Effective from 1st April 2024, there will be a change to the interpretation of the schedular payment withholding thresholds as they apply to payments made to non-resident contractors from an ‘all circumstances’ view (considering all the non-resident contractor’s activity in NZ) to a ‘single payer’ view (considering matters only related to the contract with the payer). So, when considering either the 92 day or $15,000 de minimis rule, the payer would only need to consider their own contract with the non-resident contractor. However, to mitigate any integrity risk associated with this ‘single payer’ view, new reporting requirements would also be introduced for payers to provide payment information to IR, who could in turn then identify non-resident contractor activities in NZ and monitor the thresholds and exemptions.

Dual resident companies

The proposed amendments (that were effective 15th March 2017) would allow dual resident companies to be eligible to offset income tax losses against the profits of other group companies, be a member of a consolidated group and retain their imputation credit account (ICA) balance. This would ensure NZ companies affected by the change to Australia’s corporate tax residence rules have uninterrupted access to certain NZ tax regimes. An Australian High Court judgement in March 2019 (retrospectively applied from 15th March 2017) altered the way the ATO was to apply their central management and control test (CMAC), which effectively meant that companies with Australian directors could now be Australian tax resident, even if the company’s commercial activities are carried on outside Australia. This change may affect NZ companies with Australian-based directors, potentially making them tax residents in both countries (referred to as being a ‘dual resident’).

GST apportionment

There are a number of proposals here, the two main ones being the introduction of a principal purpose test for goods and services acquired for $10,000 or less (GST exclusive), that would allow a registered person to claim a full GST input tax deduction, and allowing GST-registered persons to elect to treat certain assets that have mainly private or exempt use, such as dwellings, as if they only had private or exempt use.

Under the new principal purpose test for goods or services acquired for $10,000 or less, principal purpose is intended to have the same meaning as the reference to principal purpose used in the pre-2011 GST Act definition of “Input tax”. The principal purpose is the main, primary, or fundamental purpose (which does not necessarily equate with more than 50% taxable use). Satisfy the principal purpose test, and a full input tax deduction could be claimed, with no subsequent apportionment adjustment calculations required. However equally if a supply of goods or services is not for a principal purpose of making taxable supplies, a registered person would not be able to either claim an input tax deduction for the acquisition of the good or service or apportion input tax for an adjustment period between their taxable and non-taxable use of the good or service. The new rules would apply to goods and services acquired on or after 1st April 2023.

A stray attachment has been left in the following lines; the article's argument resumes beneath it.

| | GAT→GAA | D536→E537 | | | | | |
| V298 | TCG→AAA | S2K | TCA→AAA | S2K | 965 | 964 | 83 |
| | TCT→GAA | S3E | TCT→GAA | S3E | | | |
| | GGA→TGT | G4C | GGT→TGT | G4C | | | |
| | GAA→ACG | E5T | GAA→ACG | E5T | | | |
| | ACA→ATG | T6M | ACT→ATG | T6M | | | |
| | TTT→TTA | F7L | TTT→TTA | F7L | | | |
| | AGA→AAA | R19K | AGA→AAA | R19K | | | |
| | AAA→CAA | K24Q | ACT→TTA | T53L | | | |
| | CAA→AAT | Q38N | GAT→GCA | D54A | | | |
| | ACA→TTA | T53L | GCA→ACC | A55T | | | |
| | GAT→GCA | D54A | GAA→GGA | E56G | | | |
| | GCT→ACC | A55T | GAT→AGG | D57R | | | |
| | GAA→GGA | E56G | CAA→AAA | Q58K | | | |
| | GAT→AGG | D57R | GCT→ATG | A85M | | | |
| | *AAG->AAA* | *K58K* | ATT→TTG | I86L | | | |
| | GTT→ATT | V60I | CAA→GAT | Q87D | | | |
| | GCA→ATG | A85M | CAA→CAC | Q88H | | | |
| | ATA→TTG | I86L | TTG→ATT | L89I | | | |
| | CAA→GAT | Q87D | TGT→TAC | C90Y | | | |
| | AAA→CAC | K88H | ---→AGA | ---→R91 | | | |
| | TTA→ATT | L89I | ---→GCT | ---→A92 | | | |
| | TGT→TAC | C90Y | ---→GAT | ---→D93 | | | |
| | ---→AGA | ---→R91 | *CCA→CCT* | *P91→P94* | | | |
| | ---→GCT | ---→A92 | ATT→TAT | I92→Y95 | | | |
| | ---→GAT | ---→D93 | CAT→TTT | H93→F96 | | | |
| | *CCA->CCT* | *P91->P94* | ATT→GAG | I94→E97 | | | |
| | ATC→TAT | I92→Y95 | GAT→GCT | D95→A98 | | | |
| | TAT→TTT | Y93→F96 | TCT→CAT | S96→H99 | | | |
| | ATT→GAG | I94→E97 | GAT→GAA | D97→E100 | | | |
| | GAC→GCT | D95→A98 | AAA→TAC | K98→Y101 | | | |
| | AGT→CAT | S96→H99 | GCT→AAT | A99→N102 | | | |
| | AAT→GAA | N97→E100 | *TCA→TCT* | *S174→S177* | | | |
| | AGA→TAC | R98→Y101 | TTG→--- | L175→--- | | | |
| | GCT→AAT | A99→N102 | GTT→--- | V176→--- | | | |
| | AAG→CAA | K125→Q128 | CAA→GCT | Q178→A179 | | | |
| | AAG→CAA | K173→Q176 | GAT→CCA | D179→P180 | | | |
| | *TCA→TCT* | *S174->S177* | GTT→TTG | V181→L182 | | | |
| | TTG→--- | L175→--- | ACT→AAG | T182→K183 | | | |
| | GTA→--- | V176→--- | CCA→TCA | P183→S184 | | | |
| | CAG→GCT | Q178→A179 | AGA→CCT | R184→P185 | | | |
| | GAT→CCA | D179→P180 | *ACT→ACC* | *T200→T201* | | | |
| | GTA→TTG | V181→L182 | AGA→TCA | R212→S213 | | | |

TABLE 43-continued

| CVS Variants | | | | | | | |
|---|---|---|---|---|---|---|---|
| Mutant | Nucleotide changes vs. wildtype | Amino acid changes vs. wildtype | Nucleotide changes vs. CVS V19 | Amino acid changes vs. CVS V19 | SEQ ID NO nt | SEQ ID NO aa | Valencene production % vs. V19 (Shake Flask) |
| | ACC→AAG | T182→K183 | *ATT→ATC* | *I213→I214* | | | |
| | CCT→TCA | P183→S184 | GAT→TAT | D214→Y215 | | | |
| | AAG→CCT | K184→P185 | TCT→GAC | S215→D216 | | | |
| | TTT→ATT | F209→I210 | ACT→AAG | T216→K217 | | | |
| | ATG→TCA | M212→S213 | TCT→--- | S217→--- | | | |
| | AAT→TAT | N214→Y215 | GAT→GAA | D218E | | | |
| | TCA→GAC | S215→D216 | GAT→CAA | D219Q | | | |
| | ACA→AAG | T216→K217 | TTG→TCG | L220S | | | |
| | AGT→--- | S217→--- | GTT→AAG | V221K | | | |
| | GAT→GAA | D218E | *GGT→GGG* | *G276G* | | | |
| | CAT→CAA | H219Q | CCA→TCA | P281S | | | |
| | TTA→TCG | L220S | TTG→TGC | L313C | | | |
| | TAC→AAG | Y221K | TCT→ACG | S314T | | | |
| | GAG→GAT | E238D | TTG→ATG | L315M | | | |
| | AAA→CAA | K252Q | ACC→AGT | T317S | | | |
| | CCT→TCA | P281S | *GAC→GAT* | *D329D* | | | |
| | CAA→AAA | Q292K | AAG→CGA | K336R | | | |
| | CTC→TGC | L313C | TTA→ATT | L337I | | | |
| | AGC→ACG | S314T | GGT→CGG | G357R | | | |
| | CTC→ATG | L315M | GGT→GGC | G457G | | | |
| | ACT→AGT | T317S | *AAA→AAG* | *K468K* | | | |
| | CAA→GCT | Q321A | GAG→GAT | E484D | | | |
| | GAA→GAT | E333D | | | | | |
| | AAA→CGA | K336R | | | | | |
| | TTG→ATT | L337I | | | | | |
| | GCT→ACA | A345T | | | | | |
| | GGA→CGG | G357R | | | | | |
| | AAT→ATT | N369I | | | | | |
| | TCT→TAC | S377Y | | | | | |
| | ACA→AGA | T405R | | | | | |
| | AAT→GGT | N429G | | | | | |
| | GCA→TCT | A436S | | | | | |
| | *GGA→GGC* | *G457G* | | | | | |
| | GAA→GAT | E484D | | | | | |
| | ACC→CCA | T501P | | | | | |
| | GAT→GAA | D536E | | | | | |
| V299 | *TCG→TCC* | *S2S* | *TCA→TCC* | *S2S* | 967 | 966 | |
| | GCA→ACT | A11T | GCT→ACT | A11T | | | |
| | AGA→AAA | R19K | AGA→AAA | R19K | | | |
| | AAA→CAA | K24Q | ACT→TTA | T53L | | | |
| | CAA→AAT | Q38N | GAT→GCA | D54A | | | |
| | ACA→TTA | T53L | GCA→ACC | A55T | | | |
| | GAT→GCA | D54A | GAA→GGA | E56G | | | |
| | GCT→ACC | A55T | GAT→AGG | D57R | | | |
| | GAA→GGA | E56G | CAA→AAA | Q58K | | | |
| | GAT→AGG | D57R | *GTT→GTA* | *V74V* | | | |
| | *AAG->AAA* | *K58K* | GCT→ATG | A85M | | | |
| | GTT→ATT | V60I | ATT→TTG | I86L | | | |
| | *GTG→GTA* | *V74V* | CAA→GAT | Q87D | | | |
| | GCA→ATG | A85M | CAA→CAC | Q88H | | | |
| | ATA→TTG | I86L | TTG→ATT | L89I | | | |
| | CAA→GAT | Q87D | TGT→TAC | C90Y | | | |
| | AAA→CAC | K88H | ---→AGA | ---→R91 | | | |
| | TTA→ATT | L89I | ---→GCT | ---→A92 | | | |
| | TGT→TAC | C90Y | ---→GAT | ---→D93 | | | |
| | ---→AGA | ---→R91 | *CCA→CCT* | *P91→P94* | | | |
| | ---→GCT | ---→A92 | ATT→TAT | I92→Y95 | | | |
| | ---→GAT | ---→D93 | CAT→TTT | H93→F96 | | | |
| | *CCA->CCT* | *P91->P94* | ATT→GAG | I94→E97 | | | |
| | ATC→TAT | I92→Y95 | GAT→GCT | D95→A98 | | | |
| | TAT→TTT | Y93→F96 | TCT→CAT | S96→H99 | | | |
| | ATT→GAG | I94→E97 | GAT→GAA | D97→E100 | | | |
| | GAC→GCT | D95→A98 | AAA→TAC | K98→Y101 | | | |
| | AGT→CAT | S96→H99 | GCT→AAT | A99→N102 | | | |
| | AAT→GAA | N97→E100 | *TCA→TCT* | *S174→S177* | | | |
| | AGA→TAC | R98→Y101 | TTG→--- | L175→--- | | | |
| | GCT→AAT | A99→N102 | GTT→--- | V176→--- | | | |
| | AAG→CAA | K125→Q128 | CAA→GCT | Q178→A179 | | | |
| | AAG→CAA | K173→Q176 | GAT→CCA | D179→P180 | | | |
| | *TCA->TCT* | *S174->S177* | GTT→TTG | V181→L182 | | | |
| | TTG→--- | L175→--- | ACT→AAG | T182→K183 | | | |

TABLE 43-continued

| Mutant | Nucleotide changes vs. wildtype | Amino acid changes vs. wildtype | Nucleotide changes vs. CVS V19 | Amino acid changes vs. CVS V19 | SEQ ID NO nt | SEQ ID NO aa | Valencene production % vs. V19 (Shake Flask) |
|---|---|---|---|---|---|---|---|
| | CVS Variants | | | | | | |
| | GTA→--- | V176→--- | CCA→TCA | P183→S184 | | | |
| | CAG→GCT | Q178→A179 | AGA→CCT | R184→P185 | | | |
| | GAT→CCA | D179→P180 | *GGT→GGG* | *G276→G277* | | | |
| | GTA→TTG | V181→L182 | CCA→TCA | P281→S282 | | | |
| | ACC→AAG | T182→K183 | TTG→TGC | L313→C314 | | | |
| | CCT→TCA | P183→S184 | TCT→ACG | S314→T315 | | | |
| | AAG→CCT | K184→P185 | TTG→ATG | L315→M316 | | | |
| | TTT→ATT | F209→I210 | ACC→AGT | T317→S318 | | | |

Under the new election option where GST-registered persons may elect to treat the supply of certain goods as an exempt supply, this new provision would allow registered persons to elect to treat the supply of goods that were not acquired or used for the principal purpose of making taxable supplies as exempt. This proposal is intended to align the GST rules with current practices for GST-registered persons who may have some minor use of their goods, such as private dwellings, in the course and furtherance of their taxable activity (that is, their GST-registered business). To qualify as an exempt supply under the proposed rule, the goods would have to satisfy the following requirements:

  • no previous deductions claimed for the goods under section 20(3), the goods were not acquired for the principal purpose of making taxable supplies;
  • the goods were not used for the principal purpose of making taxable supplies, and;
  • the goods were not acquired as zero-rated supplies under sections 11(1)(m) or (mb).

There would be a transitional rule for goods acquired before 1st April 2023 (the proposed effective date), to enable you to repay any input tax claimed, so that your subsequent disposal of the asset would still qualify as being an exempt supply. Note that you would still be entitled to claim GST on overheads or operating costs that do not become an integral part of the goods themselves – for example, the GST portion of rates for a home office. There will be no requirement to formally notify IR of your election, instead, you would simply not account for any GST on the asset (no deduction claims, no output tax paid on disposal).

Amendments are also proposed to reduce the number of adjustment periods required for mixed-use goods and services, particularly in relation to land, which currently is subject to unlimited adjustments. Under the proposal, the number of adjustment periods for land would be capped at ten. The threshold for two adjustments increases from $5,001 – $10,001 to $10,001 – $20,000, and the threshold for five adjustments from $10,001 – $500,000 to $20,001 – $500,000.